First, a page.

Zebrafish exhibit age and gender related gene expression differences
Zebrafish transcripts are diversely enriched in Gene Ontology descriptions by age and gender
Gene Ontology comparisons by gender and age
F vs. M comparison
Y vs. O comparison
Regulation of gene expression
Nervous system development
Anatomical structure morphogenesis
Generation of neurons
Eight genes were selected for microarray validations
Genes selected for qPCR validation
Gene symbol (Zebrafish)
Insulin-like growth factor 2 mRNA binding protein 3
Insulin-like growth factor 1
peroxisome proliferator-activated receptor gamma, coactivator 1 beta
SMAD specific E3 ubiquitin protein ligase 2
LIM domain only 4a
insulin-like growth factor binding protein 2a
From the microarray data, we generated a box-plot diagram showing the expression levels of the selected genes (Additional file 4). Here, we see that all of the genes exhibited a considerable amount of variation among samples; with the greatest variation observed in ppargc1b, and the lowest in igfbp2a. We also added beta-actin (bactin1) in this box-plot representation. It is interesting to note that while beta-actin had a very high expression level in all tissues, it did not show any variation; its expression remained stable among the samples. Because of this, we decided to take beta-actin as our reference gene for the qPCR experiments. In order to see the individual differences among the samples, we graphed each sample with their corresponding expression values (Additional file 5). Here, the samples are grouped into female-young (FY), female-old (FO), male-young (MY), and male-old (MO). While bactin was stable among and within groups, other genes showed differential variability. Ache, igfbp2a, pvalb8, and igf1 had higher expression in the MY group, whereas igf2bp3a, ppargc1b, and lmo4a favored both the MY and FY groups. Smurf2, on the other hand, had higher expressions in the MO group.
qPCR results were in accordance with microarray results
Full statistical reports for both the microarray and qPCR analysis of the selected genes can be found in Additional file 6. This file is a series of SPSS report sheets of a two-way ANOVA test with both the F-values and corrected p-values, followed by univariate analysis and post-hoc tests.
Igf2bp3 (also known as IMP3 in human) binds to insulin-like growth factor 2 (igf2) mRNA on the 5′-Untranslated Region (UTR), thus regulating the expression of igf2, which is essential for fetal development . Igf2bp3 was significantly associated with aging and gender according to the microarray (F3, 8 =?37.572, p < 0.005) and qPCR experimental results (F3, 8 =?18.055, p =?0.001). Igf2bp3 exhibited a significant decline with aging in the microarray and qPCR (p?≤?0.005) data (Figure 2B). When individual group differences of igf2bp3 levels were examined, we found that both young males and females had higher amounts of expression than old males and females (all p-values?≤?0.002, microarray; p-values?≤?0.001 (young females vs. old males and females), qPCR; Additional files 5 and 6). Similar results were obtained for igfbp2a, which showed an interaction in the microarray (F3, 8 =?6.176, p =?0.018) experiments. Igfbp2a is a secreted protein, which binds directly to igf. In zebrafish, the highest expression has been found to be in liver and the next highest level in the brain . In our results, there was a decline with age (p =?0.009) and also in females relative to males (p =?0.034) (Figure 2C, left).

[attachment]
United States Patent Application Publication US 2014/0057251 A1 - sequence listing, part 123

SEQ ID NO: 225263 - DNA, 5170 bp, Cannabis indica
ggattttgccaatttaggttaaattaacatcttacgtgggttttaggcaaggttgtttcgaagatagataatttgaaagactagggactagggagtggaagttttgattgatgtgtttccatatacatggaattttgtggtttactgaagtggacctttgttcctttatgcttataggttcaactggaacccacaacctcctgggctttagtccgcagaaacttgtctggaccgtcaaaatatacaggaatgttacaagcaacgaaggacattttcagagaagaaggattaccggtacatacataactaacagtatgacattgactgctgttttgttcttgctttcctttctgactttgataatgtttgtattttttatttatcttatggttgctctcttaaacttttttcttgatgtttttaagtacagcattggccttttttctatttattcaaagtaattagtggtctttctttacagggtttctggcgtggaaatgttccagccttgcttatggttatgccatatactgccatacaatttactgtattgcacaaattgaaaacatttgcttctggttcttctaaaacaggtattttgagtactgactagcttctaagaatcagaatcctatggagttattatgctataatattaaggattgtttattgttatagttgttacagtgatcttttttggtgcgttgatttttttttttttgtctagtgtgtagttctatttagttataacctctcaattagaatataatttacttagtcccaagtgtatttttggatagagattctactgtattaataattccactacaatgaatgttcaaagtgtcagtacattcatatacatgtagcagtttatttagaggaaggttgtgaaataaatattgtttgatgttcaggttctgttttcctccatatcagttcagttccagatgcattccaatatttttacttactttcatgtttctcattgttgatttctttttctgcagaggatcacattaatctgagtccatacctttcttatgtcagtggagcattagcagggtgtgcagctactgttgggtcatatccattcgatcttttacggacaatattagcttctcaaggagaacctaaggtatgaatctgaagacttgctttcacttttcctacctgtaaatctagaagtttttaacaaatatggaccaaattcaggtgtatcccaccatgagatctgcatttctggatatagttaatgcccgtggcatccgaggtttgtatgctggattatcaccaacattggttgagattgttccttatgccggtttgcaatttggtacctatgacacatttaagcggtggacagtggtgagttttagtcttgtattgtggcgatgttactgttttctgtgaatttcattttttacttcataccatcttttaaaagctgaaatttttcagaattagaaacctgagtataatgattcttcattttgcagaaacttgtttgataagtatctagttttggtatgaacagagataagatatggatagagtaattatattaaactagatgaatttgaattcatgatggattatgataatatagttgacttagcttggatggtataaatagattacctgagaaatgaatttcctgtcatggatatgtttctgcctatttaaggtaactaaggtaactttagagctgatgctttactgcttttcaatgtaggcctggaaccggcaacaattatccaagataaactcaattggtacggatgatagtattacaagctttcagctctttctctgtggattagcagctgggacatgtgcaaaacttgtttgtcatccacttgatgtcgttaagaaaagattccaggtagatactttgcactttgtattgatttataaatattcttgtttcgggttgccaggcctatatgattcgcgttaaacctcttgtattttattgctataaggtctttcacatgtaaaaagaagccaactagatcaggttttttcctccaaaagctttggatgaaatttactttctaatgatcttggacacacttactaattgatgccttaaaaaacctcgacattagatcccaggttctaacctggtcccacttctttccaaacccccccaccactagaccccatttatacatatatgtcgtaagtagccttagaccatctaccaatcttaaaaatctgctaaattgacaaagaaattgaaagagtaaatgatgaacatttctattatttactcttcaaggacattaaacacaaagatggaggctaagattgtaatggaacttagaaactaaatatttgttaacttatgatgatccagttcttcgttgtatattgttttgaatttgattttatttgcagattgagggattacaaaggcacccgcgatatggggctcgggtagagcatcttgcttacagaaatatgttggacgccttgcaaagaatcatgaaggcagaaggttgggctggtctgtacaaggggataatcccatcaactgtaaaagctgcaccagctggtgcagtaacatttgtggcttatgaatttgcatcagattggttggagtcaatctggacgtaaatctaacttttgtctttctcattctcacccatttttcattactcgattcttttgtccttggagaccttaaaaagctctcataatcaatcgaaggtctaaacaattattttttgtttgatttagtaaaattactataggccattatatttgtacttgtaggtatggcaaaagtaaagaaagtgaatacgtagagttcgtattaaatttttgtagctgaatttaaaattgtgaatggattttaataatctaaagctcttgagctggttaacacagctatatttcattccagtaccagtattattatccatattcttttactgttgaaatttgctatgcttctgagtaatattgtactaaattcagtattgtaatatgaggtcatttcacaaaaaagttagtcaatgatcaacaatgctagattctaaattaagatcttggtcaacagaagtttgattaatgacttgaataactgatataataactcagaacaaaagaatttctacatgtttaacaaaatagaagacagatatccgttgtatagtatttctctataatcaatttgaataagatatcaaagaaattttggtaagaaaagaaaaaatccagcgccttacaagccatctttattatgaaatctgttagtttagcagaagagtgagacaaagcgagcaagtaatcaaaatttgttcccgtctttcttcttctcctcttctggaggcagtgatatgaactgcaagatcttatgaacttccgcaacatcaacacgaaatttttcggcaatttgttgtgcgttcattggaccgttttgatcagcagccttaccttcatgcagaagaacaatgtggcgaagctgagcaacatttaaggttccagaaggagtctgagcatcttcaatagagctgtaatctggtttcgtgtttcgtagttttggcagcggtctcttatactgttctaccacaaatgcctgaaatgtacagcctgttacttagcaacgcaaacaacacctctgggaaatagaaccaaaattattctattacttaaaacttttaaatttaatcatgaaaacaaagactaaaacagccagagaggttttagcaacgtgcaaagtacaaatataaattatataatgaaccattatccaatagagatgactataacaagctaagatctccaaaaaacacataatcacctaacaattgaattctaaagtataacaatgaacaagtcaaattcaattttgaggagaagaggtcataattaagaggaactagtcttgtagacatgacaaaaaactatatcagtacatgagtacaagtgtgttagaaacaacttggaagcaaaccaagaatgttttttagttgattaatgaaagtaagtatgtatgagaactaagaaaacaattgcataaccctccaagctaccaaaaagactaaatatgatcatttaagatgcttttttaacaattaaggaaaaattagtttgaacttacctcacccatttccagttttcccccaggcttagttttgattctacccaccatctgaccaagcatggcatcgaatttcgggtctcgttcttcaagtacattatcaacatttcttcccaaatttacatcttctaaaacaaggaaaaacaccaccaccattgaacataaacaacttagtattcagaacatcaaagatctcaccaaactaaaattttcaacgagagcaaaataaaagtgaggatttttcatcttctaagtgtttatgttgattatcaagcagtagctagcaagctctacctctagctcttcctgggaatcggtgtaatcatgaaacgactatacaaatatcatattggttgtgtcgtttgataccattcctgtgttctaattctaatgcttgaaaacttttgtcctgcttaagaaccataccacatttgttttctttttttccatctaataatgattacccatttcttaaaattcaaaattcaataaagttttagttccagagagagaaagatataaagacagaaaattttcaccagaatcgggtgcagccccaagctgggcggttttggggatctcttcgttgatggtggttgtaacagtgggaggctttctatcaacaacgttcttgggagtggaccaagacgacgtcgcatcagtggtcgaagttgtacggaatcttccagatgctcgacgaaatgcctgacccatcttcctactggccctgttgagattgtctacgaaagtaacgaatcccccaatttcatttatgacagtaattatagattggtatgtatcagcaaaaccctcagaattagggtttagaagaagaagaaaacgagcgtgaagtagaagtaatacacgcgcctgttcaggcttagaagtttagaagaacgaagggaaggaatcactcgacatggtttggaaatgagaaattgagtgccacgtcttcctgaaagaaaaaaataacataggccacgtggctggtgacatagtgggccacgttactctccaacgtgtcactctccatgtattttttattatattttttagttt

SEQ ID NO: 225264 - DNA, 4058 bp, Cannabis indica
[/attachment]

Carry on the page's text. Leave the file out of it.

Smurf2 expression is increased during replicative senescence . It has been shown that up-regulation of smurf2 alone without DNA damage is sufficient to drive fibroblasts into senescent state . Replicative senescence is a consequence of progressive telomere shortening, which happens during the natural aging process in organisms. Smurf2, in our study, showed an overall significant change in both the microarray (F3, 8 =?5.746, p =?0.021) and in qPCR (F3, 8 =?7.302, p =?0.011) data (Figure 4B, left and right, respectively). There was an effect of gender (p =?0.048, microarray; p =?0.029, qPCR) and an increase during aging (p =?0.009, microarray; p =?0.009, qPCR). Moreover, an analysis of individual groups demonstrated a lower level in smurf2 expression levels in young males and females as compared to old males (p =?0.022 young females vs. old males, microarray; p-values?≤?0.038, qPCR; Additional files 5 and 6).
In this study, we examined the gene expression level changes that occur during normal aging, as well as the relationship with gender in zebrafish. For this we chose male and female fish at distinct ages; 7.5-8.5 months old fish for the young group and 31-36 month old fish for the old group. These ages were chosen because the cognitive changes that have been described in zebrafish correspond to these age groups . Moreover, studies that have examined adult fish at distinct age groups are limited [7, 8, 10], and to our knowledge there are no studies of gene expression profiling of zebrafish brains in young and old, male and female adults at specific ages. Sexually dimorphic differences have been documented in the zebrafish brain [11, 12]. In these studies, for example, the amount and pattern of cell proliferation in the brain is different between male and female zebrafish. To our knowledge, there are no studies that describe the gene expression differences with respect to an interaction with age and gender in the zebrafish brain. Another distinct advantage of our study was that we used individual brains, whereas other studies employed pooled brains due to small size of the sample. We overcame this problem by using RNA amplification steps prior to the microarray experiments and also by using only high quality RNA samples and highly efficient primers.